Ratings Update: Golden leads his generation
Keith Melrose covers the latest step in Golden Horn's climb to the top, as well as other big performances from around the globe.
Though it’s always the same old dance, we should be thankful that the discussion over what constitutes greatness in a racehorse has the opportunity to crop up so often. Frankel, Harbinger and Sea The Stars have already been trigger-words in the last half-dozen years and now we have another. It’s getting to the point where Golden Horn carries that sort of volume on his own. Couple him up with American Pharoah and the cries are already audible.
American Pharoah is already guaranteed a place in history as the horse that conquered the US Triple Crown after a 37-year wait. Yet as things stand, he isn’t even the best colt of his generation. That title is now with Derby winner Golden Horn, whose rating has been raised to 133p following his victory in Saturday’s Eclipse at Sandown.
The Derby-Eclipse double had been done twice before since Affirmed won the Triple Crown in 1978, but in form terms we think that Golden Horn has bettered American Pharoah’s Triple Crown efforts in making it thrice. Though he got a typically deft front-running ride from Frankie Dettori, the fact that he stretched on from the high-class The Grey Gatsby, who’d stalked him throughout, in the closing stages suggests that he is every bit as superior to that rival as the three and a half-length winning margin would suggest. It could theoretically have been even further in a truly run race, which combined with the fact that Golden Horn has still run only five times makes the case for retaining his symbol.
Golden Horn was rated 131p after the Derby, 132p after his efforts were franked in the Irish Derby and now 133p after the Eclipse. He’s undoubtedly inching towards greatness. When would he achieve it? We’re happy to leave that a subjective judgement. For what it’s worth, to look at Timeform ratings the pyramid of top-class horses seems to narrow most significantly above 137. Golden Horn just might be capable of that sort of level.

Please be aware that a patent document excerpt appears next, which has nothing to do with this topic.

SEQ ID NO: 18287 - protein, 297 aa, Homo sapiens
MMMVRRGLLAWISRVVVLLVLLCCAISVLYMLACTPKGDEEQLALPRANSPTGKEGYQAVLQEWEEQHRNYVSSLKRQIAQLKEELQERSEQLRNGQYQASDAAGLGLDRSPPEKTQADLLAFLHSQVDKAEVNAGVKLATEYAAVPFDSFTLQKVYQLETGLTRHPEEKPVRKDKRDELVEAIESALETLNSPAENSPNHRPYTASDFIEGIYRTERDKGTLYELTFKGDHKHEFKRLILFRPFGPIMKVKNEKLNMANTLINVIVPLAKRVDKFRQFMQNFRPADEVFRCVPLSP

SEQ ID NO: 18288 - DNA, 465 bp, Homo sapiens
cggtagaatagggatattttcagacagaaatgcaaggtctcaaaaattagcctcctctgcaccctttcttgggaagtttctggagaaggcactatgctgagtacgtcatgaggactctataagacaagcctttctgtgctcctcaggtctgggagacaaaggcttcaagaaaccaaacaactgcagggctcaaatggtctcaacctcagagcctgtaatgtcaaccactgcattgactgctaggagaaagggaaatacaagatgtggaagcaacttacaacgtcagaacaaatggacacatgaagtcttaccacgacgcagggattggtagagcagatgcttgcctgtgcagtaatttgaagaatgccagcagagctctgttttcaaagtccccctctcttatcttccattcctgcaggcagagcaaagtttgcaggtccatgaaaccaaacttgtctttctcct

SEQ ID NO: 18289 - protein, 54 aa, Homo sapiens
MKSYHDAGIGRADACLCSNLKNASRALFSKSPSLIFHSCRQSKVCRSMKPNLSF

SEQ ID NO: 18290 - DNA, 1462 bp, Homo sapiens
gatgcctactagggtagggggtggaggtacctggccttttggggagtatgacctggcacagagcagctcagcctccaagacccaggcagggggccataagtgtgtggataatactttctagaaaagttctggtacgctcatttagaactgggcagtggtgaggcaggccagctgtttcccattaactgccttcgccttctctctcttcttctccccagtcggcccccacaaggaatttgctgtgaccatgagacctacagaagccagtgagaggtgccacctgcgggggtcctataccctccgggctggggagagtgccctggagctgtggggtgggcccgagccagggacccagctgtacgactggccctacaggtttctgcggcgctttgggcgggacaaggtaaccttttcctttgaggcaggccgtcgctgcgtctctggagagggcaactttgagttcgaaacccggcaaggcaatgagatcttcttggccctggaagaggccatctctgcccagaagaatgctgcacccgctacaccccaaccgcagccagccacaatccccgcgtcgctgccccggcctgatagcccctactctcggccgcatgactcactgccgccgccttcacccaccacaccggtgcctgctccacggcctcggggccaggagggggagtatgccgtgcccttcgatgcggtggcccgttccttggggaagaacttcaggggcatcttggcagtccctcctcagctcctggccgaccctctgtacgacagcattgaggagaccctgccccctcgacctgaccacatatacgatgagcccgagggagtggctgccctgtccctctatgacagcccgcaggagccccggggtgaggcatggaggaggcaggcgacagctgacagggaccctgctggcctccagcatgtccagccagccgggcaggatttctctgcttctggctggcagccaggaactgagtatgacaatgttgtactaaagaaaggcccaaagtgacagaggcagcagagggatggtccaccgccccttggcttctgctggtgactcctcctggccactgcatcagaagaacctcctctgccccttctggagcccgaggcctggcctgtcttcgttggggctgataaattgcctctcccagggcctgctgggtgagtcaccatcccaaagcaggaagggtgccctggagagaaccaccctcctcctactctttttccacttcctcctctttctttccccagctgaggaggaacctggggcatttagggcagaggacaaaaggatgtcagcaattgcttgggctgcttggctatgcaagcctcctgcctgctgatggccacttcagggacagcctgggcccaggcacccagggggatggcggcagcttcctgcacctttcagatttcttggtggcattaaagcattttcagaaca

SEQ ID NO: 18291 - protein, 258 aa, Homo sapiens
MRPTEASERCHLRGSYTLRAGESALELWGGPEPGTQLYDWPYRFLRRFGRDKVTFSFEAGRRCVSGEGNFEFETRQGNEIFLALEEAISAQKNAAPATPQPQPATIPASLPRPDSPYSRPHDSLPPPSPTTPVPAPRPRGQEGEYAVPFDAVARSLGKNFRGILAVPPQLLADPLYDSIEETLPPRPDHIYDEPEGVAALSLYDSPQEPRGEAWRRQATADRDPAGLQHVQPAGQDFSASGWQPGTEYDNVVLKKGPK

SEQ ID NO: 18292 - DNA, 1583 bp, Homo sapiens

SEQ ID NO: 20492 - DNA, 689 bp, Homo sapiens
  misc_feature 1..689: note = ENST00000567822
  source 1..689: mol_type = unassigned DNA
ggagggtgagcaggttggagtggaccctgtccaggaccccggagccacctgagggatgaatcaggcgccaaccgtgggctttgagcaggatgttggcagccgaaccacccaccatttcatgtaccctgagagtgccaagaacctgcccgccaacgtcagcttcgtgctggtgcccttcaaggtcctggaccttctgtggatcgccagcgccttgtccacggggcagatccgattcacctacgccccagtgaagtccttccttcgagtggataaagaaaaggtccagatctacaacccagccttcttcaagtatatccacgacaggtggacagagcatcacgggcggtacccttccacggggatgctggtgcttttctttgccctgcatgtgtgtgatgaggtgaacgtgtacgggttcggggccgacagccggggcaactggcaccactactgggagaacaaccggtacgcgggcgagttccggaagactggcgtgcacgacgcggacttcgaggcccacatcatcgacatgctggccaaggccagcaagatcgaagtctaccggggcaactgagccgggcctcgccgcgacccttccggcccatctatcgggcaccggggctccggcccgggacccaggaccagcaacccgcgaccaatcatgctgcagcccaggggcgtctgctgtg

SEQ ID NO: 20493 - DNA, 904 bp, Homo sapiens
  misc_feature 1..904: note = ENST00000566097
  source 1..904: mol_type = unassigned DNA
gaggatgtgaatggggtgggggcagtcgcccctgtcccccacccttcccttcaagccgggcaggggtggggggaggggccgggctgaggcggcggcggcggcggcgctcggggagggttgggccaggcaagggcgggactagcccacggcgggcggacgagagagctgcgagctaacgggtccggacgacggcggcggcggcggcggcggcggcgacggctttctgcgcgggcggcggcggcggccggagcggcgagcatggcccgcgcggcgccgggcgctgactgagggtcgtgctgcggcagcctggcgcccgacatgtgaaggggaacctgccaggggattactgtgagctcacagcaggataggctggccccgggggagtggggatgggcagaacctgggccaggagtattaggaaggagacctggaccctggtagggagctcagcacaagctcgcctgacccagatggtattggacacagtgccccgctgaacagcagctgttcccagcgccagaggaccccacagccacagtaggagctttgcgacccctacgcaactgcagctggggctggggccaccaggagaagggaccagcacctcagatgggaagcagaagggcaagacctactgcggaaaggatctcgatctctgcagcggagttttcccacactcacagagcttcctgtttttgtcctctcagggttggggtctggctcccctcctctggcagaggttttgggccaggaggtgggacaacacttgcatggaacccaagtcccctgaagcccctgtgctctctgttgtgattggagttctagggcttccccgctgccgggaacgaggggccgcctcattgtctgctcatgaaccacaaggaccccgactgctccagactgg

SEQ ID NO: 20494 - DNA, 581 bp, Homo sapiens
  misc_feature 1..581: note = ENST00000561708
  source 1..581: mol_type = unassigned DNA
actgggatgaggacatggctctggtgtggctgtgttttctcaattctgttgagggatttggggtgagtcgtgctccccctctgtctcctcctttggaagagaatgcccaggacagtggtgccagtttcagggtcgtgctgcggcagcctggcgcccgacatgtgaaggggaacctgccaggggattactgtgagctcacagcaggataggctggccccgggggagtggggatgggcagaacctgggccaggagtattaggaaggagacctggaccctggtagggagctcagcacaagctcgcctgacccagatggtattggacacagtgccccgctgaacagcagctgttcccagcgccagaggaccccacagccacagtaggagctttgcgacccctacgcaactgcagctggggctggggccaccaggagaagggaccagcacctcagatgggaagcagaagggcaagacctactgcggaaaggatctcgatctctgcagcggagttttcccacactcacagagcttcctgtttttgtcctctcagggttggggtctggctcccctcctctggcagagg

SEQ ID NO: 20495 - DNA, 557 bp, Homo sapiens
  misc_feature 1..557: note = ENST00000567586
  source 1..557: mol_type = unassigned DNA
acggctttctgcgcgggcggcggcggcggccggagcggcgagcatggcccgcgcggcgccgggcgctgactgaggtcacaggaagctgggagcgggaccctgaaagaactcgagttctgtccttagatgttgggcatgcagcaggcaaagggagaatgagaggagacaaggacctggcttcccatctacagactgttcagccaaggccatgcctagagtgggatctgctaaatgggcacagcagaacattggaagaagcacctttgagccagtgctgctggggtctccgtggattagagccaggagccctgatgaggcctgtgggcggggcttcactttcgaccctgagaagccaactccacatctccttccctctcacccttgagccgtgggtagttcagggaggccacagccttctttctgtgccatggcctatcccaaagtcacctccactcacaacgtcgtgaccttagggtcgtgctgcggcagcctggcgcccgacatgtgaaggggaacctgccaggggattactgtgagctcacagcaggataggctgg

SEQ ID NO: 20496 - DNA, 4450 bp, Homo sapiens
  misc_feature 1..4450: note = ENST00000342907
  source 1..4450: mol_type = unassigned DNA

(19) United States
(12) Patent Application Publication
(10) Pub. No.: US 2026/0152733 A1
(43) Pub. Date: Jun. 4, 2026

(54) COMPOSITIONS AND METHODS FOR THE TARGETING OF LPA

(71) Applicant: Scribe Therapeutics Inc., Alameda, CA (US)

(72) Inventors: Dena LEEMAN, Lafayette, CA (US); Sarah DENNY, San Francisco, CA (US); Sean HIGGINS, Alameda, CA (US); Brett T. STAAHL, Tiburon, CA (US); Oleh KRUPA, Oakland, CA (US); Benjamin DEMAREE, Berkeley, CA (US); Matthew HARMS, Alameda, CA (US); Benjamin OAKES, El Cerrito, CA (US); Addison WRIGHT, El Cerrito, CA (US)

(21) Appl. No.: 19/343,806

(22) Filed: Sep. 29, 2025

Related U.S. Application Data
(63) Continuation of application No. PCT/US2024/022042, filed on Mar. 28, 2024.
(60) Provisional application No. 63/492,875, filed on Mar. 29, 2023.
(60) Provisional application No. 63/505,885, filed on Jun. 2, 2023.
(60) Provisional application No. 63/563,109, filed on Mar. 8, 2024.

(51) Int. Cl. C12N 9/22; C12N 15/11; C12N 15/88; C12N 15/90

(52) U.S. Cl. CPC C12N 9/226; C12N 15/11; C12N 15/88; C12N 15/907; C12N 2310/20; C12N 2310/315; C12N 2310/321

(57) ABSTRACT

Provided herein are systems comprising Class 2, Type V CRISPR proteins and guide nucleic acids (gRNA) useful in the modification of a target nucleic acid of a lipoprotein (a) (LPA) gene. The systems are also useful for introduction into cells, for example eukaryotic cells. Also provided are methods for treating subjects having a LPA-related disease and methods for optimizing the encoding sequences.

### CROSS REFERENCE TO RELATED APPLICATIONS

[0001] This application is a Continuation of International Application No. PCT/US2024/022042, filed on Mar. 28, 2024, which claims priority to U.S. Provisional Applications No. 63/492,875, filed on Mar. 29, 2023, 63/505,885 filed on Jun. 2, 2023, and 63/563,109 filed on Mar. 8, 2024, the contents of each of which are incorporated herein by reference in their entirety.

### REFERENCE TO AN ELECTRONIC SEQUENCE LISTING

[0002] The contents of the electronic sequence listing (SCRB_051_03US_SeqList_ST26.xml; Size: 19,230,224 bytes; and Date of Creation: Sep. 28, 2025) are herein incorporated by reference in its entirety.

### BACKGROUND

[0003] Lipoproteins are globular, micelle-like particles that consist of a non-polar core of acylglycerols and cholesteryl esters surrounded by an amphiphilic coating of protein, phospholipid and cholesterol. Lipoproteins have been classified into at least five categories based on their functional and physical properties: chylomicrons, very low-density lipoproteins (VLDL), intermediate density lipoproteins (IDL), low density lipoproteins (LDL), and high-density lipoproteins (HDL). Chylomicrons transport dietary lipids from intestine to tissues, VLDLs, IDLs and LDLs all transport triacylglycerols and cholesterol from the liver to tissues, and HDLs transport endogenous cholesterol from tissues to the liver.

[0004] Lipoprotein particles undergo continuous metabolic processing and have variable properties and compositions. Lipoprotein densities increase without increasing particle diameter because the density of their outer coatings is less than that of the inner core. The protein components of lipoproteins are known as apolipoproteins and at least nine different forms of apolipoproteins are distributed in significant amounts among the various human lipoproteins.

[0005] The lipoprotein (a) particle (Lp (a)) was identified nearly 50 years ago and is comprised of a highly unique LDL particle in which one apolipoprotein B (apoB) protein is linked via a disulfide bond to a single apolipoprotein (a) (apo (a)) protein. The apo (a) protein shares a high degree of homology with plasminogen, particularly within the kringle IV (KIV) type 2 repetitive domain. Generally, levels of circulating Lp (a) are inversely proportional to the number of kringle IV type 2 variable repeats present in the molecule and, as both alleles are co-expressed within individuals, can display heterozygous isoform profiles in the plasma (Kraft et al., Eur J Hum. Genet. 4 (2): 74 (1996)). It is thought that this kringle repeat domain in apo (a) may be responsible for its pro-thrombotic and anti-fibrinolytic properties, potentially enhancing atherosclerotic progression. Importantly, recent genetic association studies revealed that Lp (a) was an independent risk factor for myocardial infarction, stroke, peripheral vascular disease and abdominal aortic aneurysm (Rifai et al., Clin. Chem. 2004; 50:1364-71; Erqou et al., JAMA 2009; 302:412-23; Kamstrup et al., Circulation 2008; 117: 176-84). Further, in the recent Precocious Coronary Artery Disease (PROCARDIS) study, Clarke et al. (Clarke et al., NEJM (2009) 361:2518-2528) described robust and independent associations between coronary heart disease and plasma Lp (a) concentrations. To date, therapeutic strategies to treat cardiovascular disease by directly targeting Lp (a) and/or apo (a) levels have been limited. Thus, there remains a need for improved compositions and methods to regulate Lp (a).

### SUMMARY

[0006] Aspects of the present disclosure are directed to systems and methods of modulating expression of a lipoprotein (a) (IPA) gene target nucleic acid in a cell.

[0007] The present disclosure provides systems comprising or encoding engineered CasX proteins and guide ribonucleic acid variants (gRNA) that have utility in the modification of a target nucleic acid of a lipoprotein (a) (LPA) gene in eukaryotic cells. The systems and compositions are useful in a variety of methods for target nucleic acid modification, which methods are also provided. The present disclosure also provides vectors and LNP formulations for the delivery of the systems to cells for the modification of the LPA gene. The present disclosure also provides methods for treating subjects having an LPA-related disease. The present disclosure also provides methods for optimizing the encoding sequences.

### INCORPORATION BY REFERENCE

Besides the Eclipse, it was a relatively quiet weekend in Britain. Sandown’s support card is always extremely competitive, though big performances tend to be the preserve of the feature. The exception came in the Charge, won by Waady who comes out with the same rating as he had pre-race- 118p. He’s worth stepping up now, potentially a third top-notch sprinter in the Hamdan colours alongside Muthmir (120p) and Muhaarar (128p).
It’s unlikely that Golden Horn and American Pharoah will ever race against each other, so we will have to hope for sufficient opposition to test them to their limits. We have more faith in Golden Horn meeting other top horses, with the likes of Time Test and Treve perhaps on his hit-list for later in the season. The US dirt colts are evidently no match for American Pharoah, while the only three-year-old that has emerged as a legitimate contender is turf filly Lady Eli.
In the Belmont Oaks on Saturday, Lady Eli took her career record to six from six. The bare form of her victory by a little less than three lengths doesn’t in itself enhance her reputation, but the manner of it and time recorded, both in spite of a very wide trip, mark her out as a filly of rare talent. Now rated 125, it’s reckoned she’d pose a significant threat to American Pharoah were a suitable meeting on the track ever found.
On what was a truly international weekend, we finish with a visit to Germany. For the second year in a row, the Deutches Derby was won by a wide margin. Nutan’s five lengths on Sunday isn’t in the same league as Sea The Moon’s 11-length demolition last year and neither is his rating. Nevertheless, now rated 120 he is worth trying in some of Europe’s better middle-distance races and would certainly hold claims in Germany’s other Group 1s, those typically requiring a performance in the low-mid 120s for success.
|Free Race Pass of the Day|
Tuesday 7th July
|9. TEMPTRESS (IRE)||
|6. PELERIN (IRE)||
|7. QUEEN CATRINE (IRE)||